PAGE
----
Treating Withdrawal Aymptoms May Help Addicts Give up Cannabis – Study

It is not a good sign when heavy cannabis users experience withdrawal symptoms while trying to quit the drug. The withdrawal pangs, such as nervousness and cravings, are often tell-tale signs of a relapse for such users, says a recent study by the University of Illinois.

The researchers found that 85 percent people identified with cannabis withdrawal during their intake assessment for treatment would lapse and go on to use cannabis within 16 days to 24 days.

Whether cannabis use leads to withdrawal symptoms and psychological dependence has been a subject of perennial debate between those who oppose the drug use and those who advocate liberal marijuana laws, according to study author Douglas Smith, a professor of social work and an expert on substance abuse issues.

While publishing its fifth and most recent volume of the Diagnostic and Statistical Manual (DSM) of Mental Disorders, for the first time the American Psychiatric Association introduced a code for cannabis withdrawal in it, Smith said.

The withdrawal symptoms usually begin to surface after a couple of days when heavy users stop taking the drug abruptly. A person needs to experience at least three symptoms to come under the new DSM-5's criteria for cannabis withdrawal.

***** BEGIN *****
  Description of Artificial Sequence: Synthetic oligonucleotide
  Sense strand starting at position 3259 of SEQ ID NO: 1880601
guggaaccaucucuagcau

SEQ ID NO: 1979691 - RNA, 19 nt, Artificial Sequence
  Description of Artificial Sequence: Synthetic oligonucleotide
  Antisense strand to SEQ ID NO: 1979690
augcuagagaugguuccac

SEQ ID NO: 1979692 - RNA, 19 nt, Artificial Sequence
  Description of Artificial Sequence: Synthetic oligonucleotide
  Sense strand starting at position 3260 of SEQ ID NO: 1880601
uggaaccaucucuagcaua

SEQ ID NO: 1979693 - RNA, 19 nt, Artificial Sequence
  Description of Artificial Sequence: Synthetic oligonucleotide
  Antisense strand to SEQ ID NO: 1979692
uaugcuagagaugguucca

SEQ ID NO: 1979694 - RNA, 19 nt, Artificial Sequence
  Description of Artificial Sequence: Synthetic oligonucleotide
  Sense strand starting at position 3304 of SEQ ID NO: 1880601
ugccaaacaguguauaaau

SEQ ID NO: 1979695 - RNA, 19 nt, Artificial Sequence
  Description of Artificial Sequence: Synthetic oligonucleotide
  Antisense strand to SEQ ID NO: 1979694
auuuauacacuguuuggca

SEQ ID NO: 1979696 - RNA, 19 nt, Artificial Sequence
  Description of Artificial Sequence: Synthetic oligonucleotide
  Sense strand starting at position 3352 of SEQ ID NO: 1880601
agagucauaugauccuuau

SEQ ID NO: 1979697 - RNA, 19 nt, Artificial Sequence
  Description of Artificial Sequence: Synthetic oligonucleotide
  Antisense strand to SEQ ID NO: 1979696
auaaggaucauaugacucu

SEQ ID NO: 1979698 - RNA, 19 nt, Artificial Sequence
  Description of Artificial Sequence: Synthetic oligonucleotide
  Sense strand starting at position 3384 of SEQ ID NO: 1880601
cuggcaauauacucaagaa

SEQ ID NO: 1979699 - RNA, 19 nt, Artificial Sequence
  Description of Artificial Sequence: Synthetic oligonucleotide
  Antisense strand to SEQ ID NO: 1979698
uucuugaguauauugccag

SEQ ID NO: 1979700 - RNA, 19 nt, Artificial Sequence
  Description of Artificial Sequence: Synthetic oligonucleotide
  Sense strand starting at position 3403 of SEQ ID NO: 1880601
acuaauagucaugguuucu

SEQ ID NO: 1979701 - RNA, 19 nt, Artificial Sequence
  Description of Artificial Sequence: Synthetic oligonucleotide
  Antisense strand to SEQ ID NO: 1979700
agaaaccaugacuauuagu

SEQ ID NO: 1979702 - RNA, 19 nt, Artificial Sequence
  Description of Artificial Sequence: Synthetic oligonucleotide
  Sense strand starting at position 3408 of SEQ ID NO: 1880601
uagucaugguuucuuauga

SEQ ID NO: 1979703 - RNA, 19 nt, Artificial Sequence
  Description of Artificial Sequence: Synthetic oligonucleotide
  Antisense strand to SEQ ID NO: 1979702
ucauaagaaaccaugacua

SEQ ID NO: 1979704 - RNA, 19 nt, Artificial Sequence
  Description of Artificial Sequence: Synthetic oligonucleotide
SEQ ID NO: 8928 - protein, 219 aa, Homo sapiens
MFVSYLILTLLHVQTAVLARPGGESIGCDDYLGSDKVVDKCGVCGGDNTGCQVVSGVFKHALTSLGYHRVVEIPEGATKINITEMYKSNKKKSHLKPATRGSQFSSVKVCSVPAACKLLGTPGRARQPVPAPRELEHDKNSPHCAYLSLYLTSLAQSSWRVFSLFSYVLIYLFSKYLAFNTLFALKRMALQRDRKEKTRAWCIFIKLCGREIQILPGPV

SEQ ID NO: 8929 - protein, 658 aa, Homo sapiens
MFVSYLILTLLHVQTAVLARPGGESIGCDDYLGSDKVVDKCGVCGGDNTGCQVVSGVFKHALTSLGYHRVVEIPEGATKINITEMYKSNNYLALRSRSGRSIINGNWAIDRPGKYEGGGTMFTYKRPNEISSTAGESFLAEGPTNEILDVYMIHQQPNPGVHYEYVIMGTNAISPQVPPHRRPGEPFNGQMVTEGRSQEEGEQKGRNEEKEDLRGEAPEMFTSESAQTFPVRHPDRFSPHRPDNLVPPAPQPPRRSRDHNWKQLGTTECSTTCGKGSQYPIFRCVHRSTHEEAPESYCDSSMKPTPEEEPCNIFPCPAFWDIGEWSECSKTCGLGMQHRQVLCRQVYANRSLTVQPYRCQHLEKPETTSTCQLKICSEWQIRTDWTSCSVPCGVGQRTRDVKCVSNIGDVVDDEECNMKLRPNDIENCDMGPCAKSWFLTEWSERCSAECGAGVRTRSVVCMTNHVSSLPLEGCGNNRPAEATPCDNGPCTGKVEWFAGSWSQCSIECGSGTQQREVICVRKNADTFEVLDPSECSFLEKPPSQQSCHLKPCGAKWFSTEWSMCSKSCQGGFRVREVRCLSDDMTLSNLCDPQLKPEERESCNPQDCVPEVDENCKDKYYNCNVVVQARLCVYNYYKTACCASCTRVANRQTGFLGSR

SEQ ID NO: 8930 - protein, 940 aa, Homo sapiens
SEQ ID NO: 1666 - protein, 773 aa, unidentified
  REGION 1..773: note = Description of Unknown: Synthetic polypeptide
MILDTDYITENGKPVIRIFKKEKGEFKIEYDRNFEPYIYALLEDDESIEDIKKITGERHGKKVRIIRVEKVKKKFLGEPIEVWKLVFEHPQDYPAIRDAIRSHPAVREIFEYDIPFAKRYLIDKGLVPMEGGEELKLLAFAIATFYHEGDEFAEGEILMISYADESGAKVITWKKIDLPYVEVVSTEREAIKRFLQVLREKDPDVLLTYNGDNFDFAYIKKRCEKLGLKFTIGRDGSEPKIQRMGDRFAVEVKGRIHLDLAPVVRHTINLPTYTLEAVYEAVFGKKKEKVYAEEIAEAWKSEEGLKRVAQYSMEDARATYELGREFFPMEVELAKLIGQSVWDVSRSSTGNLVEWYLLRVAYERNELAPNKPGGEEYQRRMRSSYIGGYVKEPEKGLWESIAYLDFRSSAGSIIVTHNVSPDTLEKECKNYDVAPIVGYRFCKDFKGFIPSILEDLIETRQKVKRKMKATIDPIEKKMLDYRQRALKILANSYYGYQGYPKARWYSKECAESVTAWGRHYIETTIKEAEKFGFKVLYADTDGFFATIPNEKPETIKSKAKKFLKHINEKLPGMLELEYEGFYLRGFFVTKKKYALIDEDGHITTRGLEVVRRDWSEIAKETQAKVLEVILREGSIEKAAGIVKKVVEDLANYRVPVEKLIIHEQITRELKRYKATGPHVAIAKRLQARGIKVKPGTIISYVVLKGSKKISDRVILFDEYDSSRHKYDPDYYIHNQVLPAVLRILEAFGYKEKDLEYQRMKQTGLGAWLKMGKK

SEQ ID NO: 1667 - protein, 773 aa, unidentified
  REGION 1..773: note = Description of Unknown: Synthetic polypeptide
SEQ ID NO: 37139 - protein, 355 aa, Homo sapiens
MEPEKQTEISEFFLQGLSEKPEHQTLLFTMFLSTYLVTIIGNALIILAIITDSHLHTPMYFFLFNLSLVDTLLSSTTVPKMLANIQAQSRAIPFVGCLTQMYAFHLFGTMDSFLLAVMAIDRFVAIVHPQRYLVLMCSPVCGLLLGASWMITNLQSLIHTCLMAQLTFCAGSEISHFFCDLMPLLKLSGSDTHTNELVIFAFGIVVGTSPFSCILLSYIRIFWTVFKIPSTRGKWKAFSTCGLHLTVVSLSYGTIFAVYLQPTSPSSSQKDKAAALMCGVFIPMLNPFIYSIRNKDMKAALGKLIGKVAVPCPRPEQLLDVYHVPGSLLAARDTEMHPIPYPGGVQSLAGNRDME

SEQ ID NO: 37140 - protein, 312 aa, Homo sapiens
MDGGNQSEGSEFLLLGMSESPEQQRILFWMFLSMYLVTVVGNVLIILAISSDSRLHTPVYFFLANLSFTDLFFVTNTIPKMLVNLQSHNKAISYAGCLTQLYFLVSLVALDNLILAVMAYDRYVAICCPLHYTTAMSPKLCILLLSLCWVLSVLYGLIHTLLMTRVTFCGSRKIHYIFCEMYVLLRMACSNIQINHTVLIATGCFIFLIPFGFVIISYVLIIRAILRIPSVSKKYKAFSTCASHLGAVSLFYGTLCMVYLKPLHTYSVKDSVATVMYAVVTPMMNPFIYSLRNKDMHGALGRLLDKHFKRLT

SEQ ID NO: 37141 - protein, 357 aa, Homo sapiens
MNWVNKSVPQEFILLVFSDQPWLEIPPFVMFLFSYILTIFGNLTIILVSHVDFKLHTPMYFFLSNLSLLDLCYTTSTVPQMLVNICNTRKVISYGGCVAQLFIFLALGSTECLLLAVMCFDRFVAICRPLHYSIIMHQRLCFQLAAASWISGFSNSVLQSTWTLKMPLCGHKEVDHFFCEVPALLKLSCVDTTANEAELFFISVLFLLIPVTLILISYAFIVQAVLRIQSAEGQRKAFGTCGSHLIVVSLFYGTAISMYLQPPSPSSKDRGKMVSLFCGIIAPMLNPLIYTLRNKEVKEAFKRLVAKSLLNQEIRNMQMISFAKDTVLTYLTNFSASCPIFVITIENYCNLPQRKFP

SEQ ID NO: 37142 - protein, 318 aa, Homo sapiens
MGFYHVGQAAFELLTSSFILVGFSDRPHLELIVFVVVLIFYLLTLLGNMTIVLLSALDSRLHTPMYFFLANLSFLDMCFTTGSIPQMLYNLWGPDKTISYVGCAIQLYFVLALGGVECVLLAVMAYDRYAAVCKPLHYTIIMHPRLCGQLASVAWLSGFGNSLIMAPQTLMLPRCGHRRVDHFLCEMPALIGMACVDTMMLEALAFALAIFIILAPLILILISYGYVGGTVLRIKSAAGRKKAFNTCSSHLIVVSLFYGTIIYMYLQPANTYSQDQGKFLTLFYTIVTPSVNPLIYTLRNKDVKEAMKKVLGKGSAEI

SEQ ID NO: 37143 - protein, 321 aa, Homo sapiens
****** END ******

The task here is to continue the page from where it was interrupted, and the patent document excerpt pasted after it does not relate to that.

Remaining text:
The researchers screened at least 110 young adults for their study. All the participants were near-daily cannabis users who consumed the drug on average about 70 of the 90 days prior to entering the treatment. Those who'd experienced withdrawal symptoms exhibited at least two symptoms on average. They reported experiencing mood disturbances (48 percent), difficulty sleeping (40 percent) and restlessness (33 percent).

"For people to be included in the study sample, they had to be using at least 45 days out of 90 days prior to entering treatment and had to have made an attempt during the preceding week to quit or cut down," said lead author Jordan Davis, a doctoral student in the School of Social Work.

But the researchers excluded those who used other illicit drugs and were binge drinkers to weed out any possibilities that withdrawal symptoms experienced by respondents are from any other substances rather than just cannabis.

The study found that almost 53 percent participants qualified to be lifetime cannabis use disorder patients, which suggests that they experienced many social and medical consequences from the drug use, apart from intense cravings and tolerance to it.

"Marijuana is tricky because it stays in your body so long. Highly addictive substances such as heroin have short half-lives and leave the body quickly, whereas marijuana is stored in the fat cells and can be excreted in a person's urine for up to a month-or even longer if you're a heavy user," said Smith

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